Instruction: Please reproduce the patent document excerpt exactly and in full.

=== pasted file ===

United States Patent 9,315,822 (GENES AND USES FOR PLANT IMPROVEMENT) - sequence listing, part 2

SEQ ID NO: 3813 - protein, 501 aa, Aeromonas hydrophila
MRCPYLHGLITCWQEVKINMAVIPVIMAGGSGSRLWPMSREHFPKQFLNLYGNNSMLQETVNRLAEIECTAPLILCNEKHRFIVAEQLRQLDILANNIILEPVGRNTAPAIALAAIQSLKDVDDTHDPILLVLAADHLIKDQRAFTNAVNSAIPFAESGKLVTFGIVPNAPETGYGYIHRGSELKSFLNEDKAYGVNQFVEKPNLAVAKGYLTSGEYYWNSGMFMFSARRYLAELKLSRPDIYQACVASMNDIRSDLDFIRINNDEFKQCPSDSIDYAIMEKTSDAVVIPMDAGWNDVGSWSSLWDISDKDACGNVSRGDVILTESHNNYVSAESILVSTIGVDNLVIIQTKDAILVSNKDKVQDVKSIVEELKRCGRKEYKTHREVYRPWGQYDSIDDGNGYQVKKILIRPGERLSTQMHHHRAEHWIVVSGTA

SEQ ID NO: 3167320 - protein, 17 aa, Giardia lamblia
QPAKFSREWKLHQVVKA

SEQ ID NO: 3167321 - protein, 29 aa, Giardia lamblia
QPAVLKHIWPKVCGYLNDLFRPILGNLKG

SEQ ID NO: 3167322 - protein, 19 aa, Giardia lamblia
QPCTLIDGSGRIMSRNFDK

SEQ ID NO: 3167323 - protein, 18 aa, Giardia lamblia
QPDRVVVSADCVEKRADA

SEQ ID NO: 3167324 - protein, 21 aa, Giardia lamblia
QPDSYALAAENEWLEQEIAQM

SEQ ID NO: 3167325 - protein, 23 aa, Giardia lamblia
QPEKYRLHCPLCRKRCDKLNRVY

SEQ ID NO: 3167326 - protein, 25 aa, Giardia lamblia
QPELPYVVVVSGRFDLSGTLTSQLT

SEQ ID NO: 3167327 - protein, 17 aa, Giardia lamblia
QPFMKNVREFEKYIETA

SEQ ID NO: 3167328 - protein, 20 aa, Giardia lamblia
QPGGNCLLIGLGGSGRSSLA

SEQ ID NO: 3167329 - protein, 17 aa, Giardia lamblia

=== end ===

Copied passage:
United States Patent 9,315,822 (GENES AND USES FOR PLANT IMPROVEMENT) - sequence listing, part 2

SEQ ID NO: 3813 - protein, 501 aa, Aeromonas hydrophila
MRCPYLHGLITCWQEVKINMAVIPVIMAGGSGSRLWPMSREHFPKQFLNLYGNNSMLQETVNRLAEIECTAPLILCNEKHRFIVAEQLRQLDILANNIILEPVGRNTAPAIALAAIQSLKDVDDTHDPILLVLAADHLIKDQRAFTNAVNSAIPFAESGKLVTFGIVPNAPETGYGYIHRGSELKSFLNEDKAYGVNQFVEKPNLAVAKGYLTSGEYYWNSGMFMFSARRYLAELKLSRPDIYQACVASMNDIRSDLDFIRINNDEFKQCPSDSIDYAIMEKTSDAVVIPMDAGWNDVGSWSSLWDISDKDACGNVSRGDVILTESHNNYVSAESILVSTIGVDNLVIIQTKDAILVSNKDKVQDVKSIVEELKRCGRKEYKTHREVYRPWGQYDSIDDGNGYQVKKILIRPGERLSTQMHHHRAEHWIVVSGTA

SEQ ID NO: 3167320 - protein, 17 aa, Giardia lamblia
QPAKFSREWKLHQVVKA

SEQ ID NO: 3167321 - protein, 29 aa, Giardia lamblia
QPAVLKHIWPKVCGYLNDLFRPILGNLKG

SEQ ID NO: 3167322 - protein, 19 aa, Giardia lamblia
QPCTLIDGSGRIMSRNFDK

SEQ ID NO: 3167323 - protein, 18 aa, Giardia lamblia
QPDRVVVSADCVEKRADA

SEQ ID NO: 3167324 - protein, 21 aa, Giardia lamblia
QPDSYALAAENEWLEQEIAQM

SEQ ID NO: 3167325 - protein, 23 aa, Giardia lamblia
QPEKYRLHCPLCRKRCDKLNRVY

SEQ ID NO: 3167326 - protein, 25 aa, Giardia lamblia
QPELPYVVVVSGRFDLSGTLTSQLT

SEQ ID NO: 3167327 - protein, 17 aa, Giardia lamblia
QPFMKNVREFEKYIETA

SEQ ID NO: 3167328 - protein, 20 aa, Giardia lamblia
QPGGNCLLIGLGGSGRSSLA

SEQ ID NO: 3167329 - protein, 17 aa, Giardia lamblia